In the Light of Day

Written by Ian Cummings

There is something ominous in seeing 300 acres of solar panels, chocker block full of them, row upon row, surrounded by acres of East Hawkesbury sweeping farm-land. The prison fence surrounds it all, several smaller brown buildings scattered throughout, with the high berm along the roadway in one section helping to block the view.

The five adjoining dairy farms, plus others, still with their roadside signs in both official languages, protest the use of prime farm land for this purpose. One knows the stories of bitterness: families that have split, the owner of one of these properties eventually leaving the family home and moving into town to avoid seeing the protest sign as he turns out of the driveway.

No longer having to look across the flat onto Maple Row Road where, up on the hill of a neighbour's farm, the OFA sponsored a massive protest several years ago about whom he sold to and what this company was going to do. OFA and local dairy farmers led the protest. In the near past, they were trusting and openly catering to all things McGuinty, with letters to the editor to prove it. Fair enough, but they did not bother to read the new Provincial Policy Statement on land use, and ignored or scoffed at Landowners' concerns about it, when released.

Folks quickly found out, when someone bothered to read, that prime farmland was all that qualified for these types of projects. The Species at Risk Act, plus Model Forest legislation had made two other close-by properties illegal to build on. But not prime farmland.

So this crowd howled long enough to get that icon of Liberals, George Smitherman, to include prime farmland in the not-to-build-on category as well. But not in time to stop this project.

Hence the stage is now reached, where we have installations by two international solar companies, one having sold to the other, with rumours of yet another sale to another. All, of course, is government subsidized at all stages thus far and to come. The amount is not known to taxpayers.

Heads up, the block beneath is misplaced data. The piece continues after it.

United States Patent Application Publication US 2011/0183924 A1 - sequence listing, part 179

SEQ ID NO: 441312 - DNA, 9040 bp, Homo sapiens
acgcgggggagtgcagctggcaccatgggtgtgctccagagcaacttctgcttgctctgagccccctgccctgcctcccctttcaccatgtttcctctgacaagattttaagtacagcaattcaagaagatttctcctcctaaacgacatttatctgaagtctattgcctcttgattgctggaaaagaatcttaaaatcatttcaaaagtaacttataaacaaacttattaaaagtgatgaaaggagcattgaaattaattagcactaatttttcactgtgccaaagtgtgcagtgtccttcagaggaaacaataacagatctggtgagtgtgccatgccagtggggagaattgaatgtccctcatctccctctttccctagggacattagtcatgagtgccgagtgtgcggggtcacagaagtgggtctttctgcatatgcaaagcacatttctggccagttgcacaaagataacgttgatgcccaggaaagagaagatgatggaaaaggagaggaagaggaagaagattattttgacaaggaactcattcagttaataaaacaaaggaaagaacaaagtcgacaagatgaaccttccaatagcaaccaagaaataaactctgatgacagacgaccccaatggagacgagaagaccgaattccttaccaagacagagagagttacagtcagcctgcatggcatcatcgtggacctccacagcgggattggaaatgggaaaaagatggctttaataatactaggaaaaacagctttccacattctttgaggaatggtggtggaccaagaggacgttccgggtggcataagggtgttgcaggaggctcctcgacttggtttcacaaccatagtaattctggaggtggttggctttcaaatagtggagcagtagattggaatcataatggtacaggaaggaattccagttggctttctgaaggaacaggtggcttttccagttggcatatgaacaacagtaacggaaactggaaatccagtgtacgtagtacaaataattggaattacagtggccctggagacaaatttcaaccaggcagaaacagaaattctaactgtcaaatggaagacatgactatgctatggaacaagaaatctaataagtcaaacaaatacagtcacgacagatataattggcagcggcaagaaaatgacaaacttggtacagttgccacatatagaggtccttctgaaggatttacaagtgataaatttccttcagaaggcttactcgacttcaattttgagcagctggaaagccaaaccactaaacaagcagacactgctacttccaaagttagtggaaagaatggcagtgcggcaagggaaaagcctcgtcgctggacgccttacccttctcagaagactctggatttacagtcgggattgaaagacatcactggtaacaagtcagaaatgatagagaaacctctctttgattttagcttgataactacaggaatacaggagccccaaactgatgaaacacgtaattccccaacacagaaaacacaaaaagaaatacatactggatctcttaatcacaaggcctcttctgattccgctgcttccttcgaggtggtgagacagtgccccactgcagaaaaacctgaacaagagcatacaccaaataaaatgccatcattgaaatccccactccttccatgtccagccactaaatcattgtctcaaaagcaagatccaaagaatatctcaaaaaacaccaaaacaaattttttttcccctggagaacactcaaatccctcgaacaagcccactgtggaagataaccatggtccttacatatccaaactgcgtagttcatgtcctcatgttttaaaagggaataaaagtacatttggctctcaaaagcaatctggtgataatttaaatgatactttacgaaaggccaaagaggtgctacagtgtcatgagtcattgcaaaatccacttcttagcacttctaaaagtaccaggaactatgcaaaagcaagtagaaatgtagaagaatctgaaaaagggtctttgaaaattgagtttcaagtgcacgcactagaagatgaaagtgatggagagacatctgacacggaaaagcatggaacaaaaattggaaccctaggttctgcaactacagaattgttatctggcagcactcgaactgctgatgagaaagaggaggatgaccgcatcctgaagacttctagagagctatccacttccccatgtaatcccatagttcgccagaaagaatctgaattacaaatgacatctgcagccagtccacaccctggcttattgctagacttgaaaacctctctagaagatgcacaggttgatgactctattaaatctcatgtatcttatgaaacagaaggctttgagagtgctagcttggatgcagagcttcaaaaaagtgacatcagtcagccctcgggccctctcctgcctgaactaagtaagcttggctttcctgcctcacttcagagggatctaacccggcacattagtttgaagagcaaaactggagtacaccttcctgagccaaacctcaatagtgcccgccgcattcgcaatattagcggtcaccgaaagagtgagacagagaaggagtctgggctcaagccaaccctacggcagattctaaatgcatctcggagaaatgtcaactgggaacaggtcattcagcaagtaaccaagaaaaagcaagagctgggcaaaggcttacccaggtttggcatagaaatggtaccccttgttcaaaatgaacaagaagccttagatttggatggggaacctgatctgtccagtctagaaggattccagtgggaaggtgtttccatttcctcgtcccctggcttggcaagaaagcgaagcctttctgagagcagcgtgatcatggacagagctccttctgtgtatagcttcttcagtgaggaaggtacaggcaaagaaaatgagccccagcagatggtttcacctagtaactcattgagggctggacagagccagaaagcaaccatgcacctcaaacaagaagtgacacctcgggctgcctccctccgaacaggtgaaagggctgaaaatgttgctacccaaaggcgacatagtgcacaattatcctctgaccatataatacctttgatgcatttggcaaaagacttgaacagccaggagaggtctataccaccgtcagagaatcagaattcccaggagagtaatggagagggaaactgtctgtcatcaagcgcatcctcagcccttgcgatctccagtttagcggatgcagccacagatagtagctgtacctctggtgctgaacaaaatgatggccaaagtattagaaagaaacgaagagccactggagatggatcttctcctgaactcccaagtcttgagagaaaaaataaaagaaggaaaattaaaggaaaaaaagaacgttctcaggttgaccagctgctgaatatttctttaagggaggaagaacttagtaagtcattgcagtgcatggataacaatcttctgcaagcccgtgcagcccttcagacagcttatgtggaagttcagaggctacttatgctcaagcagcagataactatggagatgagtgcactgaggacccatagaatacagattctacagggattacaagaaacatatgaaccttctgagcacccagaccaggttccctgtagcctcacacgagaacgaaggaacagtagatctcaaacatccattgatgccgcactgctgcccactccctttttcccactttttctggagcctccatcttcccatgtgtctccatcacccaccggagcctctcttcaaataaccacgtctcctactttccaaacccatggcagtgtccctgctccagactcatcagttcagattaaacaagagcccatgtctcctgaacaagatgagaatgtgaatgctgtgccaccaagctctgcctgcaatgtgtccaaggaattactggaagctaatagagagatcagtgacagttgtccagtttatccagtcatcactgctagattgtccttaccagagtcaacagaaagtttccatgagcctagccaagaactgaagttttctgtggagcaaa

But what is known is that the substation across the road isn't big enough to handle the 30 megawatts of power from this monster solar installation. So a $3 million hydro line to the town of Hawkesbury is to be constructed this summer. Hawkesbury doesn't need the power, Hydro folks angrily say. Only separated from Quebec by the Ottawa River, the cheapest power in the continent coming across that river has powered that town, as long as there's been electricity. It is to be replaced by the highest priced power in the continent.

Hydro folks, knowledgeable about electricity and how it flows when needed, point to the steel plant at nearby L'Orignal and the huge amount of power used by its arc furnace. They doubt whether this solar facility could keep up. So now the fight for flummoxed Liberals in the area, is to stop construction of the $3 million hydro line. It's cheaper for taxpayers all around to just leave the power sitting there in the panels, expensive as it may be to buy it at the highest rates in the continent to stay dormant.

Instead they use the best of all arguments to persuade government: the holy environment. Trees would have to be cut to install this hydro line, including the oh-so-scenic strip along the back of the mayor's farm. People driving by on the highway would see that.

Plus Hydro workers would "dog it," when installing this line, pushing up its cost. Imagine. Why on earth would they think that?

Somewhere between Maple Row and the adjoining road, a one-room school must have been built, as they were across the province by our ancestors. So their children could read.

Did they ever dream their children's children's children could read, but wouldn't care enough to do it?

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